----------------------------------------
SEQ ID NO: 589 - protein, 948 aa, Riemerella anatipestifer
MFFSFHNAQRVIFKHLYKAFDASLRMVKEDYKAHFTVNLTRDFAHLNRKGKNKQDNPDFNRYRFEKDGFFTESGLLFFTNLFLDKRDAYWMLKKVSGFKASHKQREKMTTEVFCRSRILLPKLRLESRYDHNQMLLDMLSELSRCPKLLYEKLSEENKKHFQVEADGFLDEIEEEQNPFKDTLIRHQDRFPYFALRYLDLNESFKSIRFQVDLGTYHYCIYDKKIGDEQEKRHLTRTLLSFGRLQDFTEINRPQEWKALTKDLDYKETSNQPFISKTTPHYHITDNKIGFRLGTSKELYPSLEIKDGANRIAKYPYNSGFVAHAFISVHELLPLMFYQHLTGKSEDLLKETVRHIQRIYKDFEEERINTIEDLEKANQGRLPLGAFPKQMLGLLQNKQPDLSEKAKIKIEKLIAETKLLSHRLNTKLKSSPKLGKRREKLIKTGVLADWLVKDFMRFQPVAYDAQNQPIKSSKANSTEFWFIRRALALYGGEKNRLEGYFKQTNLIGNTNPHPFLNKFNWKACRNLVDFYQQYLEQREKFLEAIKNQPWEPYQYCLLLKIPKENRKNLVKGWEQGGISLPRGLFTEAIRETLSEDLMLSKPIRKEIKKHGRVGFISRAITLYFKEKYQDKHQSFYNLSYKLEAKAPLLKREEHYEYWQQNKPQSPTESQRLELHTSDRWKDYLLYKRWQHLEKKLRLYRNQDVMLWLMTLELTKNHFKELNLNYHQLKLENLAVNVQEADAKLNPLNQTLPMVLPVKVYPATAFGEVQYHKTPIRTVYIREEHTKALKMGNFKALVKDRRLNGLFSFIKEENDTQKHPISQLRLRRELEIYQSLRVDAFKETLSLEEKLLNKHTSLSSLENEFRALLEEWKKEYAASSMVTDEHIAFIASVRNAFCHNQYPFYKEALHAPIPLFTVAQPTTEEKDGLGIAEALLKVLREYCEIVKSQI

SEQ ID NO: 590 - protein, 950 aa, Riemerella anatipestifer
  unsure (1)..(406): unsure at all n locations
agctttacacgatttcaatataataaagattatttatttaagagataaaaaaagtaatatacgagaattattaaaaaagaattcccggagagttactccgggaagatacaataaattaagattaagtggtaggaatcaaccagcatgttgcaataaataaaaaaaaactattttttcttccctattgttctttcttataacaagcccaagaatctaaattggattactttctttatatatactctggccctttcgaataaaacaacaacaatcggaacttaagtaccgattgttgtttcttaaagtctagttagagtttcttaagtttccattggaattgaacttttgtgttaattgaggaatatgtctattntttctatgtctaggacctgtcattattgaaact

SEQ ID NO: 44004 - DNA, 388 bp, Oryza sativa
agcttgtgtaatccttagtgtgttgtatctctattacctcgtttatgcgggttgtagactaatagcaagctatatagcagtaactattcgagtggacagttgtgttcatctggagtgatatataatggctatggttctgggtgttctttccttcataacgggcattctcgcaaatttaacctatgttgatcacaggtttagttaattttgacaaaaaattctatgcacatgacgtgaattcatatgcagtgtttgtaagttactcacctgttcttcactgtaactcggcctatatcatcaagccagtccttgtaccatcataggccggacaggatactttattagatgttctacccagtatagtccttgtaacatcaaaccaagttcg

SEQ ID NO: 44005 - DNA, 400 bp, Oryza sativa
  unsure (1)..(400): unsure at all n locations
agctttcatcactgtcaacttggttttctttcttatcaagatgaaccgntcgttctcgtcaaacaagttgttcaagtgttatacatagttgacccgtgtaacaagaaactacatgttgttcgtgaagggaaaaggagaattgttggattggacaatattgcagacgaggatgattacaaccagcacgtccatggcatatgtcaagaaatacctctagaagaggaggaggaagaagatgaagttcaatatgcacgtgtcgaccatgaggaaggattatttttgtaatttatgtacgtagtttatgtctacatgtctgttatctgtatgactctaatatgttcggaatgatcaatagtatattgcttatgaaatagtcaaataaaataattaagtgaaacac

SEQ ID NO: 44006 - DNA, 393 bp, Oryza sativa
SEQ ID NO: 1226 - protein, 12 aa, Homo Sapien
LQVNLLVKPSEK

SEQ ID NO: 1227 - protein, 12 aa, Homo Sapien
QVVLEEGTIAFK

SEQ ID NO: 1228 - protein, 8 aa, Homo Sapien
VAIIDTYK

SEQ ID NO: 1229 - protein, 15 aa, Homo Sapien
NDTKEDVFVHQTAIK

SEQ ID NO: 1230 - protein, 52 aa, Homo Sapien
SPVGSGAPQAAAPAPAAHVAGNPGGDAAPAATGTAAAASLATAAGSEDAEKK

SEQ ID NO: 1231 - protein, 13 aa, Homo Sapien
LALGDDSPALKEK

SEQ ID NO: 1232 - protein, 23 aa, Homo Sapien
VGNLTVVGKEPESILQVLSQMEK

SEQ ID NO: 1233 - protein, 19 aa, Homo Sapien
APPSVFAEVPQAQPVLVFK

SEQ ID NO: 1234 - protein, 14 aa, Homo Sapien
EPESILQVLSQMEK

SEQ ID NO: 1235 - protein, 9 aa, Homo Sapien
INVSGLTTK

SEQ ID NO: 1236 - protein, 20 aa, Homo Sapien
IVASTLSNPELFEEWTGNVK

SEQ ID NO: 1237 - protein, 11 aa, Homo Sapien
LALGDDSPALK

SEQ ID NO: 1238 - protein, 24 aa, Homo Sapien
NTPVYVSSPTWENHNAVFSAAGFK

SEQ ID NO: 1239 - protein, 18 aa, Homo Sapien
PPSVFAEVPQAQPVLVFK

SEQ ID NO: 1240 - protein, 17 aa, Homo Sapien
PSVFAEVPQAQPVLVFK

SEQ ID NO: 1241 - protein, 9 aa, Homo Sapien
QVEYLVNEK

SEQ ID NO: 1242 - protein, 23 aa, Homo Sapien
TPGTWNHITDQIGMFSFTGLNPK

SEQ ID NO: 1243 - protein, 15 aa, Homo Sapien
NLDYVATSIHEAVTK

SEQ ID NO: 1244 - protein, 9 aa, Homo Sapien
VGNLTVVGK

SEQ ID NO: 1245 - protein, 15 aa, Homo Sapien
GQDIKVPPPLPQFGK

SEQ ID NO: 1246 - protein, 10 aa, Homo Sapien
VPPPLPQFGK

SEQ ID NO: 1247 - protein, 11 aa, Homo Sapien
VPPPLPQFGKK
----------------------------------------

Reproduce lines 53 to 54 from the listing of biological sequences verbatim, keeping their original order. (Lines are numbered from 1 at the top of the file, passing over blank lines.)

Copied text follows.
VPPPLPQFGK

SEQ ID NO: 1247 - protein, 11 aa, Homo Sapien